A memorial plaque to John Boyd Dunlop at Dreghorn village hall.

Dreghorn is a village near Irvine, North Ayrshire, Scotland. This parish comprehends the old parishes of Dreghorn and Pearston, which were united in 1668. The whole of the parish was historically the property of the De Morvilles, who were Constables of Scotland and Lords of Cunninghame. [1]



Dreghorn is the birthplace of John Boyd Dunlop, inventor of the pneumatic tyre Dreghorn is believed to be Britain's oldest continuously inhabited village after the remains of an ancient settlement were uncovered by builders.[2] Including the remnants of a 5,500-year-old well (one of only five to be found in Scotland) dating back to around 3500BC. Although other neolithic villages have been abandoned in Scotland, e.g. Skara Brae, Dreghorn is thought to be the only village in Britain with a continual unbroken residence [3] During the development of new housing, a large prehistoric site was discovered to the North of the current Main Street, suggesting that there has been a settlement in Dreghorn for at least 5000 years[4] making it the oldest continuously inhabited village in Britain.

The name Dreghorn may derive from hunting terminology and speaks a little bit about the character of the typical Dreghorn hunter. After a good long hunting session would follow a good long drinking session, where they would fill their hunting horns with ale and drink even the dregs! Another theory is that it's an old Scots name meaning 'farm at the bog',[5] or as in early charters, the name was written Dregern; and it probably derived from the British Tre-quern, which signifies the town or habitation by the swamp, or by the alder-trees.[6]

Maid Morville

Maid Morvilles mound was located to the left of the bridge over the Irvine, commemorating the tragic drowning of a member of this family who were the overlords of the baillerie of Cunninghame. It was destroyed by the earthworks of the expressway. A 'Maid Morville Avenue' still exists to commemorate the event. Locally the mound was known as 'Marble Hill', a corruption of 'Morville's Hill'. There is also a 'Marble Avenue' nearby.

Train Station

Dreghorn Station, at the foot of Station Brae by the River Annick, closed in 1964 and carried trains between Irvine and Kilmarnock. The railway is now a public footpath and woodland.

The Churches

The Church of Scotland

The unusual octagonal Kirk of Dreghorn

The village boasts a rather unusual parish church, now called Dreghorn and Springside Parish Church (Formerly Dreghorn and Perceton). It is built in the shape of an octagon and is often referred to the 'Thrup'ny Bit' after pre-decimal three penny coin.[7]. The building, completed in 1780, was sponsored by on of the Earls of Eglinton who brought the idea for the design back from the Continent of Europe. He and his family are buried in the church's graveyard. The session house at the gate of the church was previously the church's mortuary. [8] St. Michael's church in Teignmouth, South Devon is another example of this rare church design.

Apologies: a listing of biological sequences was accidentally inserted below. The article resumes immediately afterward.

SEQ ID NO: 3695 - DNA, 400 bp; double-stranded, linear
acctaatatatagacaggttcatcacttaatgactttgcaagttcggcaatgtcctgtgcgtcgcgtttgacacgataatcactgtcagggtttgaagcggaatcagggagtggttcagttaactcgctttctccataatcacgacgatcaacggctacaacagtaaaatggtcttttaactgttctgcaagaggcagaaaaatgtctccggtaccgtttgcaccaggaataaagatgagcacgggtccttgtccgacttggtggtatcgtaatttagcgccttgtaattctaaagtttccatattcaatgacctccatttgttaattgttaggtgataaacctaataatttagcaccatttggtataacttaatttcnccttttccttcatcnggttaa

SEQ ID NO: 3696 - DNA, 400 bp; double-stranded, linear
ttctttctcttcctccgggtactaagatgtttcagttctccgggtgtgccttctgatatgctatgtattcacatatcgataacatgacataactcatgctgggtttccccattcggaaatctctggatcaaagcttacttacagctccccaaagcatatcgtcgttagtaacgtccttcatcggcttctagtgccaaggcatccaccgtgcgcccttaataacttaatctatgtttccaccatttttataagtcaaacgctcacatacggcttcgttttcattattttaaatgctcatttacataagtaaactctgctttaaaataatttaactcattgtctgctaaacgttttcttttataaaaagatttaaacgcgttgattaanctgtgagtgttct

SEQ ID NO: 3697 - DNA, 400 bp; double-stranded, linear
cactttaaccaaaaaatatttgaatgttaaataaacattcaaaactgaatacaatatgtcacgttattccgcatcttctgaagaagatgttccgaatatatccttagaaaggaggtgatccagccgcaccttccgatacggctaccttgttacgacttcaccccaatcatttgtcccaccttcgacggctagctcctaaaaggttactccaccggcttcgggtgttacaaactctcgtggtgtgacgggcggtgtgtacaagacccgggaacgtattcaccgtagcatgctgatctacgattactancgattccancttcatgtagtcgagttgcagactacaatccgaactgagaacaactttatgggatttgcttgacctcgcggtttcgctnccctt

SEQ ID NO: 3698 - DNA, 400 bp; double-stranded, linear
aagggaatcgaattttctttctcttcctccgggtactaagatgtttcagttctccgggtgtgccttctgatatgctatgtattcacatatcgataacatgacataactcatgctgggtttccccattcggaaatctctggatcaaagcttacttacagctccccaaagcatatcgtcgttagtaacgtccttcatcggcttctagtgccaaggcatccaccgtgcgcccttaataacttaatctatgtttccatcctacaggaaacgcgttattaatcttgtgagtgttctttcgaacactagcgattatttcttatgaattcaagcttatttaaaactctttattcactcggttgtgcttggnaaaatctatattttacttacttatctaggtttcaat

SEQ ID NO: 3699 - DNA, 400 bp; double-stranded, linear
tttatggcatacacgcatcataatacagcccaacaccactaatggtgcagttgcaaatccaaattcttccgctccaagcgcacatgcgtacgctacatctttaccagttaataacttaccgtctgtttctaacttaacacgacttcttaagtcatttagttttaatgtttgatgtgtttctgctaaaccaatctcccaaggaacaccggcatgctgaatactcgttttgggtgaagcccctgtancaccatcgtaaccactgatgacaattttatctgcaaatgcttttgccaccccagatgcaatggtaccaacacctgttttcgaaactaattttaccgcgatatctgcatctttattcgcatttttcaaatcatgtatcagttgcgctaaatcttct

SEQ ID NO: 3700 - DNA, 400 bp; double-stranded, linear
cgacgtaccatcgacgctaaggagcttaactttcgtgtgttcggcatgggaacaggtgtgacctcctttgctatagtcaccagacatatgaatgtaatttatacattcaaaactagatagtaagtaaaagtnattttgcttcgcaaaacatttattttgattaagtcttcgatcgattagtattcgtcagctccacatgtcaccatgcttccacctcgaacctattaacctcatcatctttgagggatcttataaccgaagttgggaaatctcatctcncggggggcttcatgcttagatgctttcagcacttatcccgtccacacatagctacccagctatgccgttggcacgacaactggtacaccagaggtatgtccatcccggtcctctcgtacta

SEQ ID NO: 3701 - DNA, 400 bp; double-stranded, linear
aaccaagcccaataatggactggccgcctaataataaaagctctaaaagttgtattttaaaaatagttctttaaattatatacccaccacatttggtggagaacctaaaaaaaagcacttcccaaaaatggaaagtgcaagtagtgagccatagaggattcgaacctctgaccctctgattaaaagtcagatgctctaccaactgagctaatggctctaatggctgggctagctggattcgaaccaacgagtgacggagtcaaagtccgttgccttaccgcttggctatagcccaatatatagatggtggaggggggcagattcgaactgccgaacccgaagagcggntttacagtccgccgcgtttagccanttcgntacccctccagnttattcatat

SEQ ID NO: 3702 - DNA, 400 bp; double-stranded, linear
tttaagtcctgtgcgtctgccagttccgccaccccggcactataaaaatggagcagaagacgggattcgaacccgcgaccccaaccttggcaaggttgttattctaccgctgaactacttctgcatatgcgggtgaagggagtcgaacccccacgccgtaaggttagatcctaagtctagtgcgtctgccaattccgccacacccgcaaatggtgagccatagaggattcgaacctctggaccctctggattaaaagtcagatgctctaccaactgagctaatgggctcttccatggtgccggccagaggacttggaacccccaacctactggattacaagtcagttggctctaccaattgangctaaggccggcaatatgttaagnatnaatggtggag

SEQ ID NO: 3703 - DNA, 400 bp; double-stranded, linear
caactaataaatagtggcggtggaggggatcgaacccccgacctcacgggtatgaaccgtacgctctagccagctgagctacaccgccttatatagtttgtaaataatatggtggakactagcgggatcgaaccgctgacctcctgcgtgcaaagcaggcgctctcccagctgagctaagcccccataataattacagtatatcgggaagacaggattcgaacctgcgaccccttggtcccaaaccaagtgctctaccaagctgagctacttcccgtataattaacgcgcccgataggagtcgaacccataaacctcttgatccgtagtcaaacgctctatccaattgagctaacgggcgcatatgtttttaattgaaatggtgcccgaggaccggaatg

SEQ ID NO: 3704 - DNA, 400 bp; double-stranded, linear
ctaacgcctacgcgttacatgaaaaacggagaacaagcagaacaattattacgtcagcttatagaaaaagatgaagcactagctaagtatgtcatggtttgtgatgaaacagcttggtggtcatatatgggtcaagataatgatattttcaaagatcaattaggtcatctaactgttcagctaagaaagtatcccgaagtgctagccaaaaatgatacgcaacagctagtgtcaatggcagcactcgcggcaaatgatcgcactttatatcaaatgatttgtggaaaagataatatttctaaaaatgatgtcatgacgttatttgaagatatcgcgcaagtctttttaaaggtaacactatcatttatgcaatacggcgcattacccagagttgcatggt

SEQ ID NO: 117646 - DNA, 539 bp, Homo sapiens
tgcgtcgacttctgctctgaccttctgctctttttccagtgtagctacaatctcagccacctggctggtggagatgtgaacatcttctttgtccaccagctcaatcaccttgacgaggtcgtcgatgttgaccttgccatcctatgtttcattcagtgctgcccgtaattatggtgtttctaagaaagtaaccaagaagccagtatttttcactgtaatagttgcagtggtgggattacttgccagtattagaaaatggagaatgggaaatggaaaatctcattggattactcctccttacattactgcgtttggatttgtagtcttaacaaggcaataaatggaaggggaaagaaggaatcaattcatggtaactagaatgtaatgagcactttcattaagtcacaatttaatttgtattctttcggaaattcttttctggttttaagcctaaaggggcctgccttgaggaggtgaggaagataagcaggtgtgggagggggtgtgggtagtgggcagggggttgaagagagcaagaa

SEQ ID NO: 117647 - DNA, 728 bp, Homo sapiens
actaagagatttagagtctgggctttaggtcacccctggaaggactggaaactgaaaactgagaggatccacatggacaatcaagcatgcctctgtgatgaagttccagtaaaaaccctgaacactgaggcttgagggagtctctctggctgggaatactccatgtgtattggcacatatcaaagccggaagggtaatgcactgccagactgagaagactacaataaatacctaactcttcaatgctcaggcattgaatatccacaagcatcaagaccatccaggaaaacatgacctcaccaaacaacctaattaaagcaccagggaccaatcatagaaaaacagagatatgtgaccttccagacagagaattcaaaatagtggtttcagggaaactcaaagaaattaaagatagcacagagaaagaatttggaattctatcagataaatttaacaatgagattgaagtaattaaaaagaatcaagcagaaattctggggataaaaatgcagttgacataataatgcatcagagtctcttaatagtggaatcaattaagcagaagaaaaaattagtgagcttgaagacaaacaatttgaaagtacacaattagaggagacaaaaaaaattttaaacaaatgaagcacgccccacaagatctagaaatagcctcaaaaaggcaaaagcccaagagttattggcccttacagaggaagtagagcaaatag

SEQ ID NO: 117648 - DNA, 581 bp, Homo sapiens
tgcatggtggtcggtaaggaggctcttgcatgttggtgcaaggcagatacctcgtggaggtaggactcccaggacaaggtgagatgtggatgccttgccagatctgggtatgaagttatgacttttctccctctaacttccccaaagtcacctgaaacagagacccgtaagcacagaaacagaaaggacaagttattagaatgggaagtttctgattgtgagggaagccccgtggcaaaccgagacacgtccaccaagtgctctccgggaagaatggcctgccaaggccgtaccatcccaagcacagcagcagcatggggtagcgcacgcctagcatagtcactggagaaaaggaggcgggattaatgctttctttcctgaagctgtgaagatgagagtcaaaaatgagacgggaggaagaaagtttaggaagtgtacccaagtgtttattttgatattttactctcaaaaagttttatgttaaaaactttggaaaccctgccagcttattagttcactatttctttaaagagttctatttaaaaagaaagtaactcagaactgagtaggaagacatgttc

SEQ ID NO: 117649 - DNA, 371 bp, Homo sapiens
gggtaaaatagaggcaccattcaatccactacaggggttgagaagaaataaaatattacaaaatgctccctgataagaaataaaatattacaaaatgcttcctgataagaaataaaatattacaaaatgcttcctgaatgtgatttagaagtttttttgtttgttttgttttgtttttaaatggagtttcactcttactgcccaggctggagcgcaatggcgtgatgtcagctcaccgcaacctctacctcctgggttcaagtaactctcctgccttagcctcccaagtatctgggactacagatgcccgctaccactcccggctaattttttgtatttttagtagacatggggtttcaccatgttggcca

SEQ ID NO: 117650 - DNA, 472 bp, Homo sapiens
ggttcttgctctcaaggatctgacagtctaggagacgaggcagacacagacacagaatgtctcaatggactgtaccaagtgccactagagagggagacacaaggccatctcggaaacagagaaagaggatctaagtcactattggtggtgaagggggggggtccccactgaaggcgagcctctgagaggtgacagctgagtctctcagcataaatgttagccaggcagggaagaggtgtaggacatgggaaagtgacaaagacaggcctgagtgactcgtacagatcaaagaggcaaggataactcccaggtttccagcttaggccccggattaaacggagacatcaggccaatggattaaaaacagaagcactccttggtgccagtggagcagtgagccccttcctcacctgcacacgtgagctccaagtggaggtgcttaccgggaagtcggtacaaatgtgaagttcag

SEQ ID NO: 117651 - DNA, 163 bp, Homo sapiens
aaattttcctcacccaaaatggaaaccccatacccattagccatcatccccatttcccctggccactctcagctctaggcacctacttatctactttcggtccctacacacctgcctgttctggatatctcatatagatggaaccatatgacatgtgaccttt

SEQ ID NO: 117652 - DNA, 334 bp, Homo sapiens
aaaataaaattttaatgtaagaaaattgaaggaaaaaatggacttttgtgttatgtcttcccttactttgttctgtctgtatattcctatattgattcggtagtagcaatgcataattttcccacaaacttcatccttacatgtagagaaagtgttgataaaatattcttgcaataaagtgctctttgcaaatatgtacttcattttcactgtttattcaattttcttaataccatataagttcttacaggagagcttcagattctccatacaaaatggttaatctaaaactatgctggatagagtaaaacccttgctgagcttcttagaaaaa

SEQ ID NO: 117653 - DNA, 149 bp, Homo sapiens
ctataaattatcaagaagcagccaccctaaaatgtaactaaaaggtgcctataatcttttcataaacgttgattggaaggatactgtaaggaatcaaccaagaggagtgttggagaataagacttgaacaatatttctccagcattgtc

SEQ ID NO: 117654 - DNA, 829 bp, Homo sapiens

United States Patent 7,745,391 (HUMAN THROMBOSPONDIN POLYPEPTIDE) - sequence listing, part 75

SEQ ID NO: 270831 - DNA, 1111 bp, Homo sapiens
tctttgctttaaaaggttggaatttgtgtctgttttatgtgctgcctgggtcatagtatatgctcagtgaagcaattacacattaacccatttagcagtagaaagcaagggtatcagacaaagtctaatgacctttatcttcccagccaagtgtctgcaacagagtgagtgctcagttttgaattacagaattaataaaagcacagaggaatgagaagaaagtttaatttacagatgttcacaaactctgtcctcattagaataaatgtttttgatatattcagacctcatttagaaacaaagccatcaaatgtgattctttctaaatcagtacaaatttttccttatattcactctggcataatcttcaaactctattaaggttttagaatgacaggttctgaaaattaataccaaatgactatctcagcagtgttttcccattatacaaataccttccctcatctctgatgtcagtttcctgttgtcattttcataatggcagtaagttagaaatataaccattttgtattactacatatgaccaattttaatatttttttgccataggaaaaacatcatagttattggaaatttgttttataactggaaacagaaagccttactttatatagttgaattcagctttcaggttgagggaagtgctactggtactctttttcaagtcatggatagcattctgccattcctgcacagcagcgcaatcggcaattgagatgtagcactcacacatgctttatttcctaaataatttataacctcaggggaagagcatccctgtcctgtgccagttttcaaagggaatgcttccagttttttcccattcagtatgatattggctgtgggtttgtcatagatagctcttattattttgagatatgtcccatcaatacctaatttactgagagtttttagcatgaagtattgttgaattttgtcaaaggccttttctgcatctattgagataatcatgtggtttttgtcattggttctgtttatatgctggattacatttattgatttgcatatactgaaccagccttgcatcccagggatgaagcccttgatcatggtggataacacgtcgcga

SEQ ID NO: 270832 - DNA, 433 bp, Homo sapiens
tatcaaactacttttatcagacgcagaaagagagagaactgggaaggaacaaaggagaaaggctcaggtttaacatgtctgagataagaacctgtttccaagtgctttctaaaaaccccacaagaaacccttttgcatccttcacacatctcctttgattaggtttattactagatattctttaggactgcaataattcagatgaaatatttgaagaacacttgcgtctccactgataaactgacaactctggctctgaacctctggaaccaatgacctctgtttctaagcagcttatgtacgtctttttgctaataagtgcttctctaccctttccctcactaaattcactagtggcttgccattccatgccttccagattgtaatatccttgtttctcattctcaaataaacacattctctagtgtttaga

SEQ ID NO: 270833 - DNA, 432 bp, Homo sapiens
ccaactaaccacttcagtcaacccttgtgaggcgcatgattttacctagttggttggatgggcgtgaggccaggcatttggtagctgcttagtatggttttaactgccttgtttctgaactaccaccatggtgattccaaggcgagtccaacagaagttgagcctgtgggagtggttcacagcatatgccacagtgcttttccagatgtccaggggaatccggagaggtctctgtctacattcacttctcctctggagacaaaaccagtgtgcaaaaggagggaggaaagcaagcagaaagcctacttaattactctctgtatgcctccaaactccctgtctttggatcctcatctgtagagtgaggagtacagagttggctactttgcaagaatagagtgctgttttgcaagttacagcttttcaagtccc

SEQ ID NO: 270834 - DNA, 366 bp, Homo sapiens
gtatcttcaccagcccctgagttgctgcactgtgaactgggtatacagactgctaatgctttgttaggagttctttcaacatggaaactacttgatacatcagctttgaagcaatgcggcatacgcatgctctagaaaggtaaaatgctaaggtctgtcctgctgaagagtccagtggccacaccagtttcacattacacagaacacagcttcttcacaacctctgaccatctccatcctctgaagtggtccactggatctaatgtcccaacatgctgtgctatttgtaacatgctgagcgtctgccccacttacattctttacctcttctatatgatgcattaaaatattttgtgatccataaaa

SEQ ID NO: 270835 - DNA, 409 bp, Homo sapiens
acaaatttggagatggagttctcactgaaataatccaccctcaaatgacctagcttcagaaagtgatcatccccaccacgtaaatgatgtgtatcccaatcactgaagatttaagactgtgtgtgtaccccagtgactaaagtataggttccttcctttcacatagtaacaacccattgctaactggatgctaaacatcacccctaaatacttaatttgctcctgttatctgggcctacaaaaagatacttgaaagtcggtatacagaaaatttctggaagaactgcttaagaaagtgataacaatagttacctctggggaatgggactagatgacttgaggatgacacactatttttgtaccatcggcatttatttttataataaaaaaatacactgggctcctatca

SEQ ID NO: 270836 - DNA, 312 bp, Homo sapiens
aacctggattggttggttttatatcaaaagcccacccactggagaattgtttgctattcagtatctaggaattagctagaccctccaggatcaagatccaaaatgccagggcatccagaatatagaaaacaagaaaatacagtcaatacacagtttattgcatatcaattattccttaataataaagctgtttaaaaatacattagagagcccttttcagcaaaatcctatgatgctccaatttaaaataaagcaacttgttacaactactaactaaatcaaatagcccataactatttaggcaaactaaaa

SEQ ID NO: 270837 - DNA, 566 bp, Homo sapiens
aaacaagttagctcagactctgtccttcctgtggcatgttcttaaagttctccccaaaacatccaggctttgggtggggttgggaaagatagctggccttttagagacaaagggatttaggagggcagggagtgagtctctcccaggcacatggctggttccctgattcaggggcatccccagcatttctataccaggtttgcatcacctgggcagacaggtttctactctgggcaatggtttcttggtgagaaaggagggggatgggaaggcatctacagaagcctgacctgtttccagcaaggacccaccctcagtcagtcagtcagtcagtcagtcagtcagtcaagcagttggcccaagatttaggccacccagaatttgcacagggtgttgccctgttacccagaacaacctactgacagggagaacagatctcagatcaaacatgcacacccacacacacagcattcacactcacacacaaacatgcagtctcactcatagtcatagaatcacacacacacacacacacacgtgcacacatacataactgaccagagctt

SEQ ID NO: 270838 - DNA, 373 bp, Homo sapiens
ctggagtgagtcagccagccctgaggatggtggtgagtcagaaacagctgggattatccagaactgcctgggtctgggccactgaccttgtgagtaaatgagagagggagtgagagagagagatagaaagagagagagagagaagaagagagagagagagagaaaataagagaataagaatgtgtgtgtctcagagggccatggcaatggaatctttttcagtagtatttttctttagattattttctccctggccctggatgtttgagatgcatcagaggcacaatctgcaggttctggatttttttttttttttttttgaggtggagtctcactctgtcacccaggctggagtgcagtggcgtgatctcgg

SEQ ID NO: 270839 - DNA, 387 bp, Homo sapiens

There were at least two other Christian places of worship on this site, and at the uniting of the Parishes of Dreghorn and Perceton, the church owned the land surrounding the church (called a glebe). A current circular cul-de-sac called The Glebe commemorates this fact.[9]

The second Church of Scotland building (Perceton and Dreghorn Parish Church), initially Perceton and Dreghorn Free Church was formed soon after the Disruption. With the liberal assistance of Mr. Muir Macredie of Perceton, church and manse were built near his house, before February 1844, but was demolished and shipped to Japan after the formation of the new Dreghorn and Springside Parish which united Dreghorn and Perceton Parish and Perceton and Dreghorn Parish. The Muir Hall, built closer to the centre of Dreghorn but now demolished, were the church halls. [10]

Congregational Church

Opposite the village's primary school, stood the Dreghorn Congregational Church.

Ebenezer Hall (Brethren)

This Gospel Hall is situation next to the Dreghorn Primary School on Main Street and is now the only non-conformist church in Dreghorn.


Dreghorn's historical main industries were farming and coal mining. All of the coal mines around Dreghorn were closed during by the early 1980s. Dreghorn is still surrounded on two sides by farm land. The new communities of Broomlands and Bourtreehill cover the sites of some former mines.


  1. ^ "Ayrshire Nights Entertainment: A Descriptive Guide to the History, Traditions, Antiquities of the County of Ayr" by John MacIntosh of Galston, Ayrshire, published in 1894, by John Menzies & Co. of Kilmarnock, Dunlop and Drennan
  2. ^ http://www.stonepages.com/news/archives/000608.html
  3. ^ The Last Frontier: The Roman Invasions of Scotland (2005) Tempus, University of Michigan
  4. ^ http://www.stonepages.com/news/archives/000688.html
  5. ^ http://news.scotsman.com/index.cfm?id=1321232002
  6. ^ Fullarton's guide to Ayrshire
  7. ^ http://www.wishful-thinking.org.uk/genuki/AYR/Dreghorn/ParishChurch.html
  8. ^ http://www.bbc.co.uk/history/domesday/dblock/GB-232000-636000/page/19
  9. ^ The Statistical Account of Scotland, Volume 4 by Sir John Sinclair, Bart.
  10. ^ Annals of the Free Church of Scotland, 1843–1900, ed. Rev. William Ewing, D.D., 2 vols. pub. 1914.

Coordinates: 55°36′26″N 4°37′01″W / 55.60722°N 4.61694°W / 55.60722; -4.61694


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